4 History of the Bureau of Diplomatic Security of the United States Department of State prompting SAS to develop formal techniques for criminal investigations. 4 With the creation of DS, Criminal Investigations SAS had changed its name in the early 1980s expanded significantly under the direction of Clark M. Dittmer. In 1982, only three agents worked in Criminal Investigations (CI), but by 1986 under DS, the office had grown to ten people. Dittmer began to formalize CI s procedures and practices and tasked Special Agent Jimmy Hush to write a manual, which detailed investigative procedures, and provided guidance for new DS agents entering the CI office. In writing the manual, which appeared in , Hush borrowed procedures and practices from the Secret Service, the FBI, the New York City Police Department, and the Los Angeles Police Department, among others. 5 Under DS, the Secretary of State s protective detail expanded, and Secretary Shultz had a much Figure 5: Clark M. Dittmer, Director of the Diplomatic larger detail than any previous Secretary. Before Security Service and Principal Deputy Assistant Secretary for Diplomatic Security, Open to new and the Inman Panel, the Secretary s detail numbered promising ideas, Dittmer was instrumental in expanding only about 30 agents, but in its review, the Inman the Criminal Investigations office and creating the Counter- Terrorism office. Source: Bureau of Diplomatic Security Panel recommended that DS double the budget and Files. personnel for the Secretary s detail. After the Inman Panel, DS added agents to the detail, raising Secretary Shultz s detail to 41 agents. The Secretary s detail, however, fluctuated in size according to the level of security that each subsequent Secretary desired. The detail for Secretary James A. Baker III ( ) numbered 34 agents, and when Secretary Lawrence Eagleburger assumed the office in 1992, the detail shrank to 30 agents. 6 DS considered other security measures for the Secretary, such as a secure telephone booth and a Secretary s residence. Since Secretary Shultz traveled more than most Secretaries of State, DS developed a telephone booth to ensure that the Secretary could make calls without worries of talking in a bugged room. Two U.S. Navy Seabees accompanied Shultz and set up the telephone booth in his room. DS also proposed creating an official residence for the Secretary of State, an idea first suggested during the SY days. Prior to the Inman Panel, Secretaries either owned or leased their residences, which made it costly to install such physical security measures as alarm systems and 302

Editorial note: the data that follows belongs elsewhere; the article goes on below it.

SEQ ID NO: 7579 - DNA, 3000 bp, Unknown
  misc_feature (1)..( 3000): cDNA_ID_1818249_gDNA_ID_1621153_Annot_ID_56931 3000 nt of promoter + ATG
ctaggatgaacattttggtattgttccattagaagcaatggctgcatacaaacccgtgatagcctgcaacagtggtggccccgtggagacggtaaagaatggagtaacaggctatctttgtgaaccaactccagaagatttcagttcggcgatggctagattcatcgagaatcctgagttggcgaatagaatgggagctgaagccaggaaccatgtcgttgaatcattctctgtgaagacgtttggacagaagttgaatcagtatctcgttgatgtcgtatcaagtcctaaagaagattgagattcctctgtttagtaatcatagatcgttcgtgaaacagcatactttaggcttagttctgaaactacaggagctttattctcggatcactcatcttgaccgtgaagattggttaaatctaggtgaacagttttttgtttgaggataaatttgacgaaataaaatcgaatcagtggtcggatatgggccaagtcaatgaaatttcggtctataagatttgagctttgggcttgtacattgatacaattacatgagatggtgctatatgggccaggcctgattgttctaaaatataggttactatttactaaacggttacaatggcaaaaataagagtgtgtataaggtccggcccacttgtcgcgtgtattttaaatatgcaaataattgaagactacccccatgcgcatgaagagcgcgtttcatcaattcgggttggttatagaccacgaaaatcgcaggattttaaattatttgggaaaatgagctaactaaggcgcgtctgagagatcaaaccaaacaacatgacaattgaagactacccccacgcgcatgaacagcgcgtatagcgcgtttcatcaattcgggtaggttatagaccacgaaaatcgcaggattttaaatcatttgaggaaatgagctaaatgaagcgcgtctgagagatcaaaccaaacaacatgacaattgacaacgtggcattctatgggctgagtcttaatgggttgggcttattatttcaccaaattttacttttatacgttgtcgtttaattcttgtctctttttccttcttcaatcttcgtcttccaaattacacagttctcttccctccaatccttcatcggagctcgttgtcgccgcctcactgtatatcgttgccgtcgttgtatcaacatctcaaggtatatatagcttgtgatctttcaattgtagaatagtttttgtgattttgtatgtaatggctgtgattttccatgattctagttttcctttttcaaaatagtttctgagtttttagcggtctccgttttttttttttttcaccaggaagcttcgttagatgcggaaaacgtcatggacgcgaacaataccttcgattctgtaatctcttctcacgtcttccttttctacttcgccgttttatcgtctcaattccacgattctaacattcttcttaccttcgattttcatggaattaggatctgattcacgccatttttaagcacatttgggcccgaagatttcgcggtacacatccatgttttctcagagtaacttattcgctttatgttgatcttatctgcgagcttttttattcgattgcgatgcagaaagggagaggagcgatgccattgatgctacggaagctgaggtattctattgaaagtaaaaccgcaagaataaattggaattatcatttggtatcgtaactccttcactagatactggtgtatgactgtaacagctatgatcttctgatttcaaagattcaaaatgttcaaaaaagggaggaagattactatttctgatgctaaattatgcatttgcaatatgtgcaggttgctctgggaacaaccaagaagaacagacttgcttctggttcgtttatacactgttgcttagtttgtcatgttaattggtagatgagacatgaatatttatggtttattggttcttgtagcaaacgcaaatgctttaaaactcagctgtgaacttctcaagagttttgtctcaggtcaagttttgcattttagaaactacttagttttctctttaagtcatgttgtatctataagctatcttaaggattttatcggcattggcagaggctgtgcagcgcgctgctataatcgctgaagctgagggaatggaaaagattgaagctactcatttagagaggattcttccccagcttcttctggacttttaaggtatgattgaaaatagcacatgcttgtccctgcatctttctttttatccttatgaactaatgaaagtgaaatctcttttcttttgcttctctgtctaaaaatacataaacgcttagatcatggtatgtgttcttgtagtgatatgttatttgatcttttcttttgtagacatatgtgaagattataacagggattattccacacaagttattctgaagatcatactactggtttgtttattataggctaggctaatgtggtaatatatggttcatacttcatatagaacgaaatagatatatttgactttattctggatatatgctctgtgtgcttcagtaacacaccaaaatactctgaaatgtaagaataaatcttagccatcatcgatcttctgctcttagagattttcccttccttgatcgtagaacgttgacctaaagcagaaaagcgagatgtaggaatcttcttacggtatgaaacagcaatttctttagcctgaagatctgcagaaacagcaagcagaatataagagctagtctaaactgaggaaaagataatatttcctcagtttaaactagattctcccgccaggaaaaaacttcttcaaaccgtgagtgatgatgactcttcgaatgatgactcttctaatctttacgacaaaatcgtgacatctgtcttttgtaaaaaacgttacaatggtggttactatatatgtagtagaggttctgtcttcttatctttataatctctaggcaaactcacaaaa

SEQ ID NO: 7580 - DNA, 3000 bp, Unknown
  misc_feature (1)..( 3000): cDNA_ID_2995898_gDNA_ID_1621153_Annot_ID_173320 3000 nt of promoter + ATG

5 CHAPTER 8 ALL UNDER ONE ROOF: A Bureau for Diplomatic Security, bullet resistant glass. Given the increasing number of threats to the Secretary and the development of sophisticated timing devices in the 1970s, DS had deemed a Secretary s residence a necessity. Although the Secretary s detail was expanded under the new DS, the cost of a residence proved too much even for the Inman Panel to recommend, and the idea did not get sufficient support. 7 Further improvements in security occurred for the Harry S Truman Building ( Main State, ) after the 1985 murder of a Department employee. A young man entered the building with a gun, went to a seventh floor office the same floor as the Office of the Secretary of State and murdered his mother. The murder prompted the Department to tighten access and visitor controls to Main State. DS installed an automated card reader system at Main State s entrances, erected barriers at driveway entrances, and Figure 6: A DS Security Engineering Officer tests the Secretary of State s telephone booth. The booth allows the in 1987, introduced a domestic Uniformed Protective Secretary to have a secure conversation even if his/her room Officer contract program. Also, in 1987, DS sought is bugged with a listening device. Secretary of State George Shultz was the first to use the booth. Source: Bureau of to promote security among Department personnel by Diplomatic Security Files. holding its first annual Security Awareness Day in the Department s Exhibit Hall; most of DS s offices gave demonstrations. In 1988, DS installed magnetometers and x-ray screening, and required all visitors to Main State to pass through them. DS set up a press visiting area and required all Eastern Bloc reporters to be escorted while in the Department. In October 1989, uniformed security guards contracted by DS assumed access control duties and regular patrols at Main State and ten Department annexes in the Washington area. 8 z The Rewards for Justice Program å Under the new DS, the Rewards for Justice program (RFJ) expanded its efforts and outreach, largely due to the efforts of Special Agent Brad Smith. Initially created as Rewards for Information, the RFJ offered money in exchange for information that led to the arrest or conviction of terrorists, but awareness of the program remained limited. Assistant Secretary of State for Diplomatic Security Robert Lamb and Ambassador at Large for Counter-Terrorism L. Paul Bremer concluded that the Department had not sufficiently advertised the RFJ. 303